“Let Eclipse type the code for you”, I have heard someone saying this a while back, however, as a Python programmer, looking at the length of a random Java class that easily go beyond hundreds of lines of code, I am scared.
Today, here is a how to use the `source` in Eclipse to help you generate most of your code.
First, we started a brand new Java project by creating two classes, the people which defines a class People with some basic demographic info as the attributes like name, address… And the application class to run the main function.
Actually you just need to type in private String firstname, and then for Mac user, use “option” + “command” + “down arrow”, you can simply copy and paste the line where the cursor is, then you simply need to replace the attribute name.
Now you have created 8 privates fields. However, due to security reasons, we have to specify all the attributes to be private only, then the only way to access the fields is by creating setter and getter methods. Isn’t that tedious? 8 * 2 ~ 16 different methods. In Eclipse, right click the class -> Source -> Generate Getters and Setters can dramatically save time for you.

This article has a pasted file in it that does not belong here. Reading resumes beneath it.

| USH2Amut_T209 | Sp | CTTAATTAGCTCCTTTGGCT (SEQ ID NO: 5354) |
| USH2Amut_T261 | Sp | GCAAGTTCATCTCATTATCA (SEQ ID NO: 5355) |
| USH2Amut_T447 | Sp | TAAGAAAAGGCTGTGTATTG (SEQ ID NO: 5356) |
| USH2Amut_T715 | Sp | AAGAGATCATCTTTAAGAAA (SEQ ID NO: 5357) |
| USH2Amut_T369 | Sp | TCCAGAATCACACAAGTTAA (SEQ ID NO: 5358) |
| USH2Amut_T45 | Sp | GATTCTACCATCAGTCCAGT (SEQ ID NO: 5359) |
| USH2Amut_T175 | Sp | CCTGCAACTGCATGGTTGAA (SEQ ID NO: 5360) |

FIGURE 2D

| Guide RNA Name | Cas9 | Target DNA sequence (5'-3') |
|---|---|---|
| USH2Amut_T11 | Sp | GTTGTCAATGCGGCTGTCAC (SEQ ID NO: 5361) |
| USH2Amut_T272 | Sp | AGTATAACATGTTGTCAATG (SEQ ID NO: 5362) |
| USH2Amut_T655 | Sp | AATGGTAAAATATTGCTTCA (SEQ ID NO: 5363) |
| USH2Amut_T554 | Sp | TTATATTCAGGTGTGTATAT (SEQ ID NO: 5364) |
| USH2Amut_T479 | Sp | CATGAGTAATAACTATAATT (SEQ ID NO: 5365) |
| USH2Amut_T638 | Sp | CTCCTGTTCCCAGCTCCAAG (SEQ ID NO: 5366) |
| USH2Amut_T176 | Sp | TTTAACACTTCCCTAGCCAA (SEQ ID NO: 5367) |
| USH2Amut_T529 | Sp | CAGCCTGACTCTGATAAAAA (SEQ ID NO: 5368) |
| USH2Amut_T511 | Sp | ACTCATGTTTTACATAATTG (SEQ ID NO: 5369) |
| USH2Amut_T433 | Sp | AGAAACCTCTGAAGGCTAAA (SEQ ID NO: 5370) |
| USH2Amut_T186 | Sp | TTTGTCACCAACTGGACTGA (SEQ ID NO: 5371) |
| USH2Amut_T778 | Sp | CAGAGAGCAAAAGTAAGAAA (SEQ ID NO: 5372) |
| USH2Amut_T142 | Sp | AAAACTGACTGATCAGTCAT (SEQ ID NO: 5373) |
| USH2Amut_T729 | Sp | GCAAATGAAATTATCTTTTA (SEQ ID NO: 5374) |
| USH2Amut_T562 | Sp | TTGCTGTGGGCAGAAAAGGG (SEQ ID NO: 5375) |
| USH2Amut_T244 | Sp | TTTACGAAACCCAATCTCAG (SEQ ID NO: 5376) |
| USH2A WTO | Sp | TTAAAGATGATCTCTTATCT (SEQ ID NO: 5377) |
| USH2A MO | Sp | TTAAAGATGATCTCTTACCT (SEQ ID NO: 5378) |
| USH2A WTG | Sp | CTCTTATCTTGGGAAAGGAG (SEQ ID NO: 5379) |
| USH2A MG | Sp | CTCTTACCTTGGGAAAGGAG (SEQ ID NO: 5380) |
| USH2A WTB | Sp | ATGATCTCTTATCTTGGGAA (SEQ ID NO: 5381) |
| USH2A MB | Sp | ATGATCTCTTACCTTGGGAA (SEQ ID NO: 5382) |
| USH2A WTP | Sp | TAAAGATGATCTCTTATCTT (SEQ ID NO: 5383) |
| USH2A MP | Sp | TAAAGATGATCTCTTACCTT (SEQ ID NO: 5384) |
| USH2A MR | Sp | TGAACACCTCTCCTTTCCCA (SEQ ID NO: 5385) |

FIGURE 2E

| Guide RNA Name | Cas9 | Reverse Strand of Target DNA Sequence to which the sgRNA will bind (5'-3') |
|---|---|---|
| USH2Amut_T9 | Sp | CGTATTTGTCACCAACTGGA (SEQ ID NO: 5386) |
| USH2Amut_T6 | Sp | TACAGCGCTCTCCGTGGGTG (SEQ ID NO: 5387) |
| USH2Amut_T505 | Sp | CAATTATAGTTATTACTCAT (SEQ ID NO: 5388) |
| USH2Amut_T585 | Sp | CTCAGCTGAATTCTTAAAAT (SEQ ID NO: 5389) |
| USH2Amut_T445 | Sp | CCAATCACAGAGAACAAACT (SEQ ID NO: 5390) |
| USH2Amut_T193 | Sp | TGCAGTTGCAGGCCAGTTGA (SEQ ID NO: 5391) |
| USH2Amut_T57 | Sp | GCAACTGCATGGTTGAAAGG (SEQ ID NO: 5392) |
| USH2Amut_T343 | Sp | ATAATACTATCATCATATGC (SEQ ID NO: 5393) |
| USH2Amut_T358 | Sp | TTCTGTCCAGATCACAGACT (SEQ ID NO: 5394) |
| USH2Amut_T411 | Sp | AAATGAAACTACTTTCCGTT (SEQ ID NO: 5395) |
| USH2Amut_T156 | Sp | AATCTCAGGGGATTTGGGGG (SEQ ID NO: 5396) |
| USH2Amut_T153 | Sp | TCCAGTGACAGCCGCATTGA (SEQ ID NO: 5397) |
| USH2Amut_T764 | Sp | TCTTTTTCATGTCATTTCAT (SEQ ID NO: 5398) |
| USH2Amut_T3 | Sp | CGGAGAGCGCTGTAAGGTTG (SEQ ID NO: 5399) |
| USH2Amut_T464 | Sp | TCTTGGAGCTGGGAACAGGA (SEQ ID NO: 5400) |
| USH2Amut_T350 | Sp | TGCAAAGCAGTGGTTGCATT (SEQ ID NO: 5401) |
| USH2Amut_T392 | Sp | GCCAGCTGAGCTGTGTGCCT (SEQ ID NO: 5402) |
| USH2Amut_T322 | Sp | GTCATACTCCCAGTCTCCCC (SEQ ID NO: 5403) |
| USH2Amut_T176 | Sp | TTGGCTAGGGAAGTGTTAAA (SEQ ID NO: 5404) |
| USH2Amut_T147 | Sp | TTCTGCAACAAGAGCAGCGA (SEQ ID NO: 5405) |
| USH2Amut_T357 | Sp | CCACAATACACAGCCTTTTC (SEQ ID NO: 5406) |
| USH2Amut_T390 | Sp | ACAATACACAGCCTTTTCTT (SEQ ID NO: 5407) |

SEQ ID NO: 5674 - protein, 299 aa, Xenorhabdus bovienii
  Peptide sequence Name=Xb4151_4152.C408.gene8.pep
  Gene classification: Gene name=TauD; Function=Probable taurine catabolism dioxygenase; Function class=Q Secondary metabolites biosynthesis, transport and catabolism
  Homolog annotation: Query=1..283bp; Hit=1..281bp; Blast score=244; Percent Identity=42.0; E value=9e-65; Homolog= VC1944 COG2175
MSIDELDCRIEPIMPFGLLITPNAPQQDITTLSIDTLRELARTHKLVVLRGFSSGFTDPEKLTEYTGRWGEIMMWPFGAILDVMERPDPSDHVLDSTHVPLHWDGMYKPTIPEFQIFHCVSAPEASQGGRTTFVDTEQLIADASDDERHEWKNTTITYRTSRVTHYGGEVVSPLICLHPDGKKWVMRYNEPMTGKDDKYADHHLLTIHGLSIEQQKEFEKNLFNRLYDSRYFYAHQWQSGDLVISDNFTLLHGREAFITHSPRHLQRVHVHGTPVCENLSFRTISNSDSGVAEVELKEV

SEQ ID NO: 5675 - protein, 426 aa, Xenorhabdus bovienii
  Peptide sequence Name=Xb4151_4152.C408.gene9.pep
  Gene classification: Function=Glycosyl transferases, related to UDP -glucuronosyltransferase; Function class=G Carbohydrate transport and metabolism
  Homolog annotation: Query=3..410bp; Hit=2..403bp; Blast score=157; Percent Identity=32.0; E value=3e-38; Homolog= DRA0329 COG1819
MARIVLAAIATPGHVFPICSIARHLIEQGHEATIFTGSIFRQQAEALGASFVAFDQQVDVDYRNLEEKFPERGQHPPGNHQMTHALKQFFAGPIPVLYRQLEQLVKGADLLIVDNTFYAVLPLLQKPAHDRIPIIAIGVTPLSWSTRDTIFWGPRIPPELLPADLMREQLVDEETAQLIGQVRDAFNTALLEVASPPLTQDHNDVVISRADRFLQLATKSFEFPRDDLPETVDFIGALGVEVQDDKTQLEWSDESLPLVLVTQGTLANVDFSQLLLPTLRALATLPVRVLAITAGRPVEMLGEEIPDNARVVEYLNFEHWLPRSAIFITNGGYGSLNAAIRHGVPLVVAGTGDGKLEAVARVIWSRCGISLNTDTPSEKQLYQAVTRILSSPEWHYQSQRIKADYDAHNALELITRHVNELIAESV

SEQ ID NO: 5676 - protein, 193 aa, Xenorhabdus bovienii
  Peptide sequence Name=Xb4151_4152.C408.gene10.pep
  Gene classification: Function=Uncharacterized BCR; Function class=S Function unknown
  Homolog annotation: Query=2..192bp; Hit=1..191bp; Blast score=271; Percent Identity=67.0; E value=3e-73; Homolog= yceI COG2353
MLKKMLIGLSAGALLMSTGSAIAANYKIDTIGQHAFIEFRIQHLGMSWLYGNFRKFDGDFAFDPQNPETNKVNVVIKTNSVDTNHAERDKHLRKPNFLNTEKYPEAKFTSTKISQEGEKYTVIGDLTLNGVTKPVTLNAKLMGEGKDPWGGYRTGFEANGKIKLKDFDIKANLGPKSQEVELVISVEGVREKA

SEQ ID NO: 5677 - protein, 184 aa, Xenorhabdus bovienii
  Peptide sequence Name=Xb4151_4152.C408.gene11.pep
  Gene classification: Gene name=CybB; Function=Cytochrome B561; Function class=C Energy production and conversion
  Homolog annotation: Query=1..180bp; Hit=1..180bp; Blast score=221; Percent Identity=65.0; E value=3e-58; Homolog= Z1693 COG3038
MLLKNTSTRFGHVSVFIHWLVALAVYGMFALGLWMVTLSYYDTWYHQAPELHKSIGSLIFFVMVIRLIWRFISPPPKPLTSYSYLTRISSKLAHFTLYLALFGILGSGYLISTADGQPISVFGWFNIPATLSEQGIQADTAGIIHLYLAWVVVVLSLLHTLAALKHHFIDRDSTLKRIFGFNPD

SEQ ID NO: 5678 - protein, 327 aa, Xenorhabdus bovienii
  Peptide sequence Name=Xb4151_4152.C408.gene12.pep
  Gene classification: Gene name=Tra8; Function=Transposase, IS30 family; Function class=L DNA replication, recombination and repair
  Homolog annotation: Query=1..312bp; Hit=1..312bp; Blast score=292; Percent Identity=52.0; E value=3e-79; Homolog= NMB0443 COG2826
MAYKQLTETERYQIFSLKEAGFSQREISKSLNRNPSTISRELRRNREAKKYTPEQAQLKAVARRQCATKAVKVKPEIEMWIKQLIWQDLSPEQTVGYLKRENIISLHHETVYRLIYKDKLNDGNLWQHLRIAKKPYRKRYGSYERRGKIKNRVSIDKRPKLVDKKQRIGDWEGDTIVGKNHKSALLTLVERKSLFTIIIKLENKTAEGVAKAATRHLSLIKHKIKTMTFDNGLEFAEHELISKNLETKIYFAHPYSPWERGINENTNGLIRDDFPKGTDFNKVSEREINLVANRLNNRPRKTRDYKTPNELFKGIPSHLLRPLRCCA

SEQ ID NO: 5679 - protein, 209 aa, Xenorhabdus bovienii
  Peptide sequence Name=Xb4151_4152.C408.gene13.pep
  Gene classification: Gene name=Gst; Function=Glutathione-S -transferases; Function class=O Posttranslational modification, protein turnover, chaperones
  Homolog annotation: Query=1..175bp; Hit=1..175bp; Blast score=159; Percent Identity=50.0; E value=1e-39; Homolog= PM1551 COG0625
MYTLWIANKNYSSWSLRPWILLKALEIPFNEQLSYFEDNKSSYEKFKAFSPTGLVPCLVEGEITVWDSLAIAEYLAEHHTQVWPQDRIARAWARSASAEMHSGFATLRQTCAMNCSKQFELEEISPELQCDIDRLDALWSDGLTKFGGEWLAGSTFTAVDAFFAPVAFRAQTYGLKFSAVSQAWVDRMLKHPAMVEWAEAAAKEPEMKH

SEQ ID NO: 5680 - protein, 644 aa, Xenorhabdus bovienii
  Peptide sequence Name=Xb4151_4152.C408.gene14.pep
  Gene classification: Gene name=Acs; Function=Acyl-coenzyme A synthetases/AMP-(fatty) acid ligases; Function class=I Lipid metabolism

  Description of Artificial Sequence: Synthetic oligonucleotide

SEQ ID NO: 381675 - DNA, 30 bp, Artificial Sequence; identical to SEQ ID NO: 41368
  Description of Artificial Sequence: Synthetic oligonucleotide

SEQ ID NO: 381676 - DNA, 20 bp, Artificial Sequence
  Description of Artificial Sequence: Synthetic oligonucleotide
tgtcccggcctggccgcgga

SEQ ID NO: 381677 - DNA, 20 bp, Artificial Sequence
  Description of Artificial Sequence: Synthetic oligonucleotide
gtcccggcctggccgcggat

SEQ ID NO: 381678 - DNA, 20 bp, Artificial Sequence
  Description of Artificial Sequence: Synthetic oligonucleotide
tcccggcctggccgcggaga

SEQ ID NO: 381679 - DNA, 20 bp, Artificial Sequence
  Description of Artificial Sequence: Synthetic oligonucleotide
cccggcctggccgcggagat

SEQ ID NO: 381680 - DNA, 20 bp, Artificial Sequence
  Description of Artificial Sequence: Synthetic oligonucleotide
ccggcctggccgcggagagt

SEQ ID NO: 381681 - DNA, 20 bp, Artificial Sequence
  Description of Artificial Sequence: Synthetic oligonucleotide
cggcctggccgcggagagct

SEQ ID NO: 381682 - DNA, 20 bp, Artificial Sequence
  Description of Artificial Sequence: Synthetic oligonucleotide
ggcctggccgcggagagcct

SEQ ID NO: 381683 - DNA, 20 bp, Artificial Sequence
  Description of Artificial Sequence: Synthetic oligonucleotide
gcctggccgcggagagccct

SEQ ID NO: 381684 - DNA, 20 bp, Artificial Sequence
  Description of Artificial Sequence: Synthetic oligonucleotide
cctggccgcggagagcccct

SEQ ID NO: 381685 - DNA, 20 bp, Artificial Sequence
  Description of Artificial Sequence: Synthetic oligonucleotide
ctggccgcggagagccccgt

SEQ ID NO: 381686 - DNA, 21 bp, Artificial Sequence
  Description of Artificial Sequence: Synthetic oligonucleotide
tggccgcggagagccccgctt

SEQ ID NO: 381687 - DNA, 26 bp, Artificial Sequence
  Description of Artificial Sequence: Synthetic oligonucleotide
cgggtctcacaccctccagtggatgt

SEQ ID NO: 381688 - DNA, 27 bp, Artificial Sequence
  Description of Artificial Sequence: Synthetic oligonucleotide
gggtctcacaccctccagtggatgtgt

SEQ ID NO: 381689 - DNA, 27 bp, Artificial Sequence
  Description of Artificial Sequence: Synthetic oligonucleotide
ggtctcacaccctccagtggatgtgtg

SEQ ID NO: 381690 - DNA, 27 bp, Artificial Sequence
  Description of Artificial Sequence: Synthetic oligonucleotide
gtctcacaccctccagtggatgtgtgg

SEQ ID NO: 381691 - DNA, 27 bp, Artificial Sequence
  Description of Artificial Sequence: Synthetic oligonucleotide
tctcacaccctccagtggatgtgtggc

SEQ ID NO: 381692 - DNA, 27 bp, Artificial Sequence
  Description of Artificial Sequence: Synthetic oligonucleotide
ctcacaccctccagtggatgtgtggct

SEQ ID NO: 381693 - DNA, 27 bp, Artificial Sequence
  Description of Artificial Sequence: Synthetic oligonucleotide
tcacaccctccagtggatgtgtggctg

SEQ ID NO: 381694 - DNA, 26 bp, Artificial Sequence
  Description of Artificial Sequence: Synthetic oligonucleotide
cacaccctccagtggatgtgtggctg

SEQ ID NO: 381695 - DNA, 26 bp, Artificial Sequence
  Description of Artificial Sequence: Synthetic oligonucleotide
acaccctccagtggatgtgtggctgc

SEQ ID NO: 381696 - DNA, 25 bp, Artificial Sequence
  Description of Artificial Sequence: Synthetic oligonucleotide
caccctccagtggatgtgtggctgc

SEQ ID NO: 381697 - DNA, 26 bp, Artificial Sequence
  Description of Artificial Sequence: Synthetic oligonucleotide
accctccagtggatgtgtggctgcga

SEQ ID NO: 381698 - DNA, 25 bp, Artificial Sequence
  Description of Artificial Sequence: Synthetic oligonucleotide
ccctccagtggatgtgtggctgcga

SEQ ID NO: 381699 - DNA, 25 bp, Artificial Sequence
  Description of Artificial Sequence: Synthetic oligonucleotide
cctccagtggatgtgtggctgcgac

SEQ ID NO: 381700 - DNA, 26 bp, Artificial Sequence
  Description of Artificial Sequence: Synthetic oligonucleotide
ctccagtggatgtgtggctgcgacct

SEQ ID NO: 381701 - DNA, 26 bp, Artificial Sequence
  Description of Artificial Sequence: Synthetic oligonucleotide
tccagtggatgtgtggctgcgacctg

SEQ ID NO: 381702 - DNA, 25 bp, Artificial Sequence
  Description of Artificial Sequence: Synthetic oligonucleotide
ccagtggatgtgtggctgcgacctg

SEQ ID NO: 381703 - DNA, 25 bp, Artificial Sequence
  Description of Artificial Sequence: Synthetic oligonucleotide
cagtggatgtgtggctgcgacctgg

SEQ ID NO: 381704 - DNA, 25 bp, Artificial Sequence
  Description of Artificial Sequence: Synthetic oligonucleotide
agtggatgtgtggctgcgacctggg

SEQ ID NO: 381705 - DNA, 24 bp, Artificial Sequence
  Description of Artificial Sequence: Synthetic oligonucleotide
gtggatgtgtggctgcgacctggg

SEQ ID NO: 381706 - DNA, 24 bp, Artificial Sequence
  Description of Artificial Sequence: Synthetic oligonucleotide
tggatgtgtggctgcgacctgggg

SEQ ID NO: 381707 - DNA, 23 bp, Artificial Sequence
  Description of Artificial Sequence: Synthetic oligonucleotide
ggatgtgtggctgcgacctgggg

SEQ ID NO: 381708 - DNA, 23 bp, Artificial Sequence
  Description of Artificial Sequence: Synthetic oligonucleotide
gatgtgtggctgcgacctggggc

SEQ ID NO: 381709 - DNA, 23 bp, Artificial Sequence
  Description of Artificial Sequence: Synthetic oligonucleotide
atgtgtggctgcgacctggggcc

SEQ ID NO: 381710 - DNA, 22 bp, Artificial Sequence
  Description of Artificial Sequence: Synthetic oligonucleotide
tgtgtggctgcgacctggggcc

Boom, 100 lines of got automatically generated for you! Even the comments.
Clearly, the Source option in the menu of the project is a great place to auto generate boilerplate code. Lets see what other options do we have here.
How about lets click all the “Generate Functions” and see what they do.
HashCode / Equals / Constructor using Fields / toString
In the end, our People class contains 4308 characters including whitespaces, and only the initial attributes were typed by my fingers, actually partially.
this.firstname = firstname; lastname, age, address, city, state, country, zip, which is only about 60 ~ 70 characters.
Lets do the math..
60/4308 ~ 1.3% of the code was written by myself, and Eclipse manages to auto populate 98%+ of the code..
Now, I can clearly remember why some of my colleagues were rolling their eyes while I was trying to write Java apps in VI… 🙂 LOL